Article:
Hope for universal minimum wage increase dims as Osinbajo hints at selective approach
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Hope for universal minimum wage increase dims as Osinbajo hints at selective approach

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Vice President Yemi Osinbajo has said that the Federal Government may opt for increasing the remuneration package of workers in the form of bonuses for select agencies of government, as against the universal wage benchmark review option being proposed by the Nigeria Labour Congress (NLC).

From the transcript presented to journalists in Abuja on Tuesday by his Senior Special Assistant on Media and Publicity, Mr. Laolu Akande, Osinbajo expressed the view at the ongoing Nigerian Bar Association National Conference in Lagos on Monday, during a session titled, ‘Conversation with the Vice-President’.

Osinbajo noted that though the issue of increased minimum wage for workers was a good idea, the government was “in a bind of sorts”, adding that government was spending 70 per cent of its revenues on remuneration and overheads, leaving less than 30 per cent for capital expenditure.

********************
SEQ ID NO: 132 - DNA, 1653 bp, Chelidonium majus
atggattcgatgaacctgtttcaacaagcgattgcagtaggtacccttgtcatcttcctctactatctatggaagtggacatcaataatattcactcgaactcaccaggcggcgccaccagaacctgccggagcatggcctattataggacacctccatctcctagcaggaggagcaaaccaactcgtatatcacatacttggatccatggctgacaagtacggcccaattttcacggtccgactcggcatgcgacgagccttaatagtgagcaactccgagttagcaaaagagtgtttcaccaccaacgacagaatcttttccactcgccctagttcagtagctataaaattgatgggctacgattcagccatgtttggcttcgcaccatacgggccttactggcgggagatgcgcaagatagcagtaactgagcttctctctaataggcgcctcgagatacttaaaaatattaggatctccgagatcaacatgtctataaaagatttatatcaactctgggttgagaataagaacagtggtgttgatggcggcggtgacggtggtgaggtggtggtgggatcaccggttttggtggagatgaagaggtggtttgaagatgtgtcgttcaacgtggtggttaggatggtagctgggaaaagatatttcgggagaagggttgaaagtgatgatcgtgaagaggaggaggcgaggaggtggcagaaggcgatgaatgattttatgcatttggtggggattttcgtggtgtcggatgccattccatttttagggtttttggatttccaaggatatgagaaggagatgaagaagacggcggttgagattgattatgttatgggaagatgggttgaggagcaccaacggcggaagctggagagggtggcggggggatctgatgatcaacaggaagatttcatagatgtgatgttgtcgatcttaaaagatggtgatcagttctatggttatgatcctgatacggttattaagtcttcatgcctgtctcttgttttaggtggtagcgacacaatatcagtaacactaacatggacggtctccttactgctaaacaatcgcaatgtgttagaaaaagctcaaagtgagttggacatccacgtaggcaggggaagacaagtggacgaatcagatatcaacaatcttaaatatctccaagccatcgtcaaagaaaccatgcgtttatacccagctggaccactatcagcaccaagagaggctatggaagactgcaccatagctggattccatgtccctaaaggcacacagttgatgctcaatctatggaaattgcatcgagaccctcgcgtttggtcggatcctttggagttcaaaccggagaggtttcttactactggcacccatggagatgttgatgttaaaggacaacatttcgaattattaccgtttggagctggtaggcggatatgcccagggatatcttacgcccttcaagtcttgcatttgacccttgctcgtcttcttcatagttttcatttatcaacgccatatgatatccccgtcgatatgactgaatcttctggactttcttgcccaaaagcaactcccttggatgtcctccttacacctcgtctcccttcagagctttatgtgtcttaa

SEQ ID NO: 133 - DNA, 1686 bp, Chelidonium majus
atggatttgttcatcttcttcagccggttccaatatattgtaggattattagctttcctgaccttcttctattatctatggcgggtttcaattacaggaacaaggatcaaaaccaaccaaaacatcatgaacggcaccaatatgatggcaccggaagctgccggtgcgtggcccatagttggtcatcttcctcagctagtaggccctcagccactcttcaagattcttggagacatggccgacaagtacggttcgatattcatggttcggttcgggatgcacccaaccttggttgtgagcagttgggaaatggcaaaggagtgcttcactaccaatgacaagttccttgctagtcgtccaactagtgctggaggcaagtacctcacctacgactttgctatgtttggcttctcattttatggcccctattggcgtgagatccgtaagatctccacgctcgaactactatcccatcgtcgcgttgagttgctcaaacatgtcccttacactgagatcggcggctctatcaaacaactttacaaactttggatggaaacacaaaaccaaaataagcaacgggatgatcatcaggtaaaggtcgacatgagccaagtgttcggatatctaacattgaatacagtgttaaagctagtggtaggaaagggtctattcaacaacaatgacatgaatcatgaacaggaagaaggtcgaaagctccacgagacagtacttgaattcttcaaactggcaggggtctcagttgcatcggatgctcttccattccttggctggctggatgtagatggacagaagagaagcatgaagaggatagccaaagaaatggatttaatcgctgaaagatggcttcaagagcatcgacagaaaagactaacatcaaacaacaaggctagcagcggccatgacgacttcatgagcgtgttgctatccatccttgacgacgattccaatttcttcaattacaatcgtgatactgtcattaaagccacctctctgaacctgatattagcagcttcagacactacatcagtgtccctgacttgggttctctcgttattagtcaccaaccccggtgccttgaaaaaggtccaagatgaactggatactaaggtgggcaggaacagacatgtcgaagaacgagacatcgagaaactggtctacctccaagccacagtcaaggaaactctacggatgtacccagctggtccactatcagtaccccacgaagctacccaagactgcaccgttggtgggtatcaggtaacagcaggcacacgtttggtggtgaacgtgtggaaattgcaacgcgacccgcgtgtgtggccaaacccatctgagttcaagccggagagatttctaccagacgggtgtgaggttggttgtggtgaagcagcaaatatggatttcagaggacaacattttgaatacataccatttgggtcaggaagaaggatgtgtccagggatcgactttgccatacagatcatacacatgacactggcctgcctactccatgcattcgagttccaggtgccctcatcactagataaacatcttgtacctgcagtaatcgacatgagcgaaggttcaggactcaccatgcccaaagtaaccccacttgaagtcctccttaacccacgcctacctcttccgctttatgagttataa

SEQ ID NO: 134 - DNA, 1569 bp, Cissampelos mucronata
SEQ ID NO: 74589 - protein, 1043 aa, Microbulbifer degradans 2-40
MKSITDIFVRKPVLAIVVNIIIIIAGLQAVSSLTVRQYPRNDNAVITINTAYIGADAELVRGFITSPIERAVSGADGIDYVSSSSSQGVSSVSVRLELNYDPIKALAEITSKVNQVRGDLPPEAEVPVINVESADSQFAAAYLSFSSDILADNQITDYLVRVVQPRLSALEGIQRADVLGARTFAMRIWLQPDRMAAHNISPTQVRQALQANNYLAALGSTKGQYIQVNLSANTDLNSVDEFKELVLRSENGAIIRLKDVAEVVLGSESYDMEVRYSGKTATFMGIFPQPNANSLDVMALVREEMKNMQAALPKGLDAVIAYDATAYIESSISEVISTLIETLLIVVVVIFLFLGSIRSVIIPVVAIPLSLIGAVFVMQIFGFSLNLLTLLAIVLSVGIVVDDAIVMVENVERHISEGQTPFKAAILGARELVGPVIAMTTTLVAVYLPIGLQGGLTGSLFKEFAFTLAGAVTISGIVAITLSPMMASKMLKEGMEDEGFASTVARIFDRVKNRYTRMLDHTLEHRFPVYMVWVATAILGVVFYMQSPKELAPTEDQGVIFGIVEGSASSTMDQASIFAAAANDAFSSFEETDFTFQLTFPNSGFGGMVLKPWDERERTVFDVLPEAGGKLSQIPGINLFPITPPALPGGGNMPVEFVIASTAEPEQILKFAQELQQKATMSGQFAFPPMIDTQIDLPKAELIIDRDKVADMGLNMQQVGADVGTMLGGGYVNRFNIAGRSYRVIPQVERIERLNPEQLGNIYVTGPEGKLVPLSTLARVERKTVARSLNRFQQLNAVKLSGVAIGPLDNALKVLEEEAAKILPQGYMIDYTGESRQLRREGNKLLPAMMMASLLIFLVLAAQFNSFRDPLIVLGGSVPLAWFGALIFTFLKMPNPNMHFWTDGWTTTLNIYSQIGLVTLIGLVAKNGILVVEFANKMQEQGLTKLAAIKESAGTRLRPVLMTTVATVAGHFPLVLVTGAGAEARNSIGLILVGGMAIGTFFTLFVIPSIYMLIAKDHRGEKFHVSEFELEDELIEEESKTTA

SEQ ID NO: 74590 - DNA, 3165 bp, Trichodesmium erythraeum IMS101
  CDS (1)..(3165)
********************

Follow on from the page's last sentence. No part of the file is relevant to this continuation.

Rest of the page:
Read also: Sharp fall in company income tax triggers decline in govt’s July revenue by N183.26bn

He said, “Sometimes, it is a chicken and egg situation because in order to increase revenues, we need to increase remuneration.

“I think that what we are probably going to end up doing is what we have done with some of the parastatals; in other words, identifying certain government services that must be remunerated differently in order to increase efficiency. One of the revenue generating agencies, for instance, is the Federal Inland Revenue Service.

“Improving remuneration, especially bonuses, would do a lot of good. That we saw happen in Lagos with the Lagos Inland Revenue Service, where because there were bonuses, there was improvement in revenue and reform. People were able to do better, even in our judicial system. Because we paid better; we remunerated better, people were able to improve.”

It is not clear how this development will impact the still-pending negotiation process between the federal government and the NLC on reviewing the national minimum wage upwards.

 

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